Thursday, January 16, 2020

The Aspie Hour

The Aspie Hour.  Created, written and performed by Sophie Smyth and Ryan Smedley.

Director and Dramaturg – Fiona Scott-Norman
Musical Director and Pianist – Rainer Pollard

Sydney Festival 2020 at Carriageworks, Bay 20  January 14-18, 2020.

Reviewed by Frank McKone
January 15

What on earth is an Aspie?  If you’re on the spectrum, you may be thinking is this what normal people call a joke, until Sophie explains that it’s a short-cut word for a person who has Asperger’s Syndrome.

Fortunately I have known someone with Asperger’s over many years.  He would probably not think being called an Aspie was funny.  It’s no joke when you don’t understand how to initiate a conversation, say.  Or realise that what someone said was meant to be a joke, or it was an innuendo and actually meant something quite different from what the words said.  My friend’s an expert computer programmer.

Sophie explained, for example, that “come up and have a cup of tea” means “sex”.

The Aspie Hour is a very pleasant entertainment.  Because they each have an obsession with musicals, but not the same sort of musicals, they demonstrate their tendency to concentrate on informative details and a strictly logical approach by performing songs from an enormously wide range of musicals, mainly with their own words.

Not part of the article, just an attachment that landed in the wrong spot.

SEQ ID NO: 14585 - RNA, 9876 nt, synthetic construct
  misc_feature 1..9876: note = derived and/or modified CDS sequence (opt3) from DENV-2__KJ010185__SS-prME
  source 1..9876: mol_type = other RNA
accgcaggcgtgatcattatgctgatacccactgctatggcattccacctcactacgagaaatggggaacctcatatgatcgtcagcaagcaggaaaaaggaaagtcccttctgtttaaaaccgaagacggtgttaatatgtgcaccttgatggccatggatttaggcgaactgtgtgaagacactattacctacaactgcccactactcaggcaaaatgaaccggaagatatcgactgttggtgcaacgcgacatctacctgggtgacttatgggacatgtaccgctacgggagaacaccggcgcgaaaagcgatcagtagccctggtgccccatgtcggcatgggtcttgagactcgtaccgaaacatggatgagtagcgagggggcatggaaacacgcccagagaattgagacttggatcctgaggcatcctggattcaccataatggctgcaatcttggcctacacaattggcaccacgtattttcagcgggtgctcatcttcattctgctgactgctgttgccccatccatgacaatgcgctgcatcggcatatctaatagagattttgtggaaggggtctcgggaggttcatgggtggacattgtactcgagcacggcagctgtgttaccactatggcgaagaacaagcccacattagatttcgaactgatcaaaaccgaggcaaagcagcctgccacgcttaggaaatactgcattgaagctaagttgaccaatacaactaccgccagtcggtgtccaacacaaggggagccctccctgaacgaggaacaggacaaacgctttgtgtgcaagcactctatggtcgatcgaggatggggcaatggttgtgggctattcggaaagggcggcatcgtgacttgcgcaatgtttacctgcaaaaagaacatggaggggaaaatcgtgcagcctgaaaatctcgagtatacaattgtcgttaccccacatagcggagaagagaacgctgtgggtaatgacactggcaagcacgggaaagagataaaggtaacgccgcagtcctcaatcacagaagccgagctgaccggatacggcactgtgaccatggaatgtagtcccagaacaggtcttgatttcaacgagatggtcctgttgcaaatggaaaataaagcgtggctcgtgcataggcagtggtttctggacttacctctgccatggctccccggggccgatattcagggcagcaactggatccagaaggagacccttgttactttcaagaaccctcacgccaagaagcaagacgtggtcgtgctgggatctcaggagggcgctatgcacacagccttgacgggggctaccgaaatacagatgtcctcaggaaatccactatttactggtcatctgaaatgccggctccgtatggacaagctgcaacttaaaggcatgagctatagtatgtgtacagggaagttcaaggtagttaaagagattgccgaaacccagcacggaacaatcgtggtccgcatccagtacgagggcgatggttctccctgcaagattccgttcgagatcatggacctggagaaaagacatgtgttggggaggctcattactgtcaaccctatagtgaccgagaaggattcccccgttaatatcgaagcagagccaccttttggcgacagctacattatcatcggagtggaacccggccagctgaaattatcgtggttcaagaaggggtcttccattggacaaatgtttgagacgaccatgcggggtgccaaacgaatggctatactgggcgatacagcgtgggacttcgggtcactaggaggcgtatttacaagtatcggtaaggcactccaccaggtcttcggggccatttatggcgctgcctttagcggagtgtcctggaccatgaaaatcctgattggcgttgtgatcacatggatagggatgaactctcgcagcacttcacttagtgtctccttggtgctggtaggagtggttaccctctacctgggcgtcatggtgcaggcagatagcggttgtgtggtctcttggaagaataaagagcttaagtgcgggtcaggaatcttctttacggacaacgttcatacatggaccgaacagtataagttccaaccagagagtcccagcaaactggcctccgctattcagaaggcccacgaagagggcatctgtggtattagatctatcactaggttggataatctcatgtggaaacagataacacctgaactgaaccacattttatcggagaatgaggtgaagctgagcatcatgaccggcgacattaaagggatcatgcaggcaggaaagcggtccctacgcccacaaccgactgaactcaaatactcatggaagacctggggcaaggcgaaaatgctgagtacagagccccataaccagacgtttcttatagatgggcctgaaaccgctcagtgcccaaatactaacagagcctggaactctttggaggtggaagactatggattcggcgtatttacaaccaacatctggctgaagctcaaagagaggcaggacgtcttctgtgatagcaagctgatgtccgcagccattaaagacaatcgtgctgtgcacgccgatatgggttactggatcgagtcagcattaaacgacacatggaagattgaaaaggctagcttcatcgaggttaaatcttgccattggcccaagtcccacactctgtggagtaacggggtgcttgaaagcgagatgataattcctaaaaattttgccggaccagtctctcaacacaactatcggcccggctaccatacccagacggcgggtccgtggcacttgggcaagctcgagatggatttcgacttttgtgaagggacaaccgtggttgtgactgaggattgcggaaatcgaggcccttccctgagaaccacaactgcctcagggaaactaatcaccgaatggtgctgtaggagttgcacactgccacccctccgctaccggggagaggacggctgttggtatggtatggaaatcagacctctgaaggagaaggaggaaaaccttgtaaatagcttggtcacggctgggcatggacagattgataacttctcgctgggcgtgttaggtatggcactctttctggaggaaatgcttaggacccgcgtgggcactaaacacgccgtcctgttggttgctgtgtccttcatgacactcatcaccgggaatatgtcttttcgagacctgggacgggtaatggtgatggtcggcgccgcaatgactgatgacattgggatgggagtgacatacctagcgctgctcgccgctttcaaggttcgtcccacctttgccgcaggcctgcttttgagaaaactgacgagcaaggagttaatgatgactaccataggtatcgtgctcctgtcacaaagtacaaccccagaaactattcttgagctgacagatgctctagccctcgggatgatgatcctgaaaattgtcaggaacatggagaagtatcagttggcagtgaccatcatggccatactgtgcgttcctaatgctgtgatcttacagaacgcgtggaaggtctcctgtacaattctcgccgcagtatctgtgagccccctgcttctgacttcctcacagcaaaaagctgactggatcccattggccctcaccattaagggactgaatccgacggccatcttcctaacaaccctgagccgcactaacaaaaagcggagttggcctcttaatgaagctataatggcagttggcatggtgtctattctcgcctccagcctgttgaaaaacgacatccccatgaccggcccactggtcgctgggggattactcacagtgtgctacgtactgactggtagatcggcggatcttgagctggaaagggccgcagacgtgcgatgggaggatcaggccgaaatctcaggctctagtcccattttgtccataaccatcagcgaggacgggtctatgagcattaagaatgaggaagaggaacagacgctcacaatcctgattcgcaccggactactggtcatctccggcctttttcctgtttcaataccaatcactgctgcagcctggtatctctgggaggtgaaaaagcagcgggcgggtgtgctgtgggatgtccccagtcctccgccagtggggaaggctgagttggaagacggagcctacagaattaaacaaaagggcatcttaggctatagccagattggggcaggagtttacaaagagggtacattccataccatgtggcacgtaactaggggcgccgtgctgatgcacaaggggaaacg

Ryan prefaces his song and dance routines with proof of his factual knowledge by having members of the audience call out a year date, like 1955, 1984 and three others last night.  He immediately tells us which musical that year was the most popular, or which in his view was the best, even though his choice may not have won awards.  And I am sure that he knew his facts.

His songs tell the story of a visit to New York, the source of more musicals than anywhere else in the world (he claims).  The essence of his song and dance act is about what he had to learn about social contacts in order to travel by himself to achieve his dream – to see a musical each night for 20 nights and meet famous musical performers.  And, I guess from his show, he learnt song and dance skills from his obervations.

Sophie took a different line, focussed on the elements of what makes up a musical, from the intro dance number, through the I want solo to the grand finale, which has nothing much to do with the rest of the plot.  She explained what we needed to know about each element before she sang, perfectly in style, each type of number.

For me, Sophie gets a special award for “Over the Rainbow”: “If little blue birds can fly, fly over the rainbow, why, then oh why, can’t I?”  This was a moment of tender appreciation by us all, through quiet tears for an Aspie’s frustration and at the same time recognition in the strength and quality of her performance that indeed, she can fly over her rainbow.

As they have written, “The purpose of this show is to relate ourselves to the audience, asking ‘have you had an experience like this?  We’re not all that different.”  How true, and how enjoyable.

Sophie Smyth and Ryan Smedley
in The Aspie Hour
Photo supplied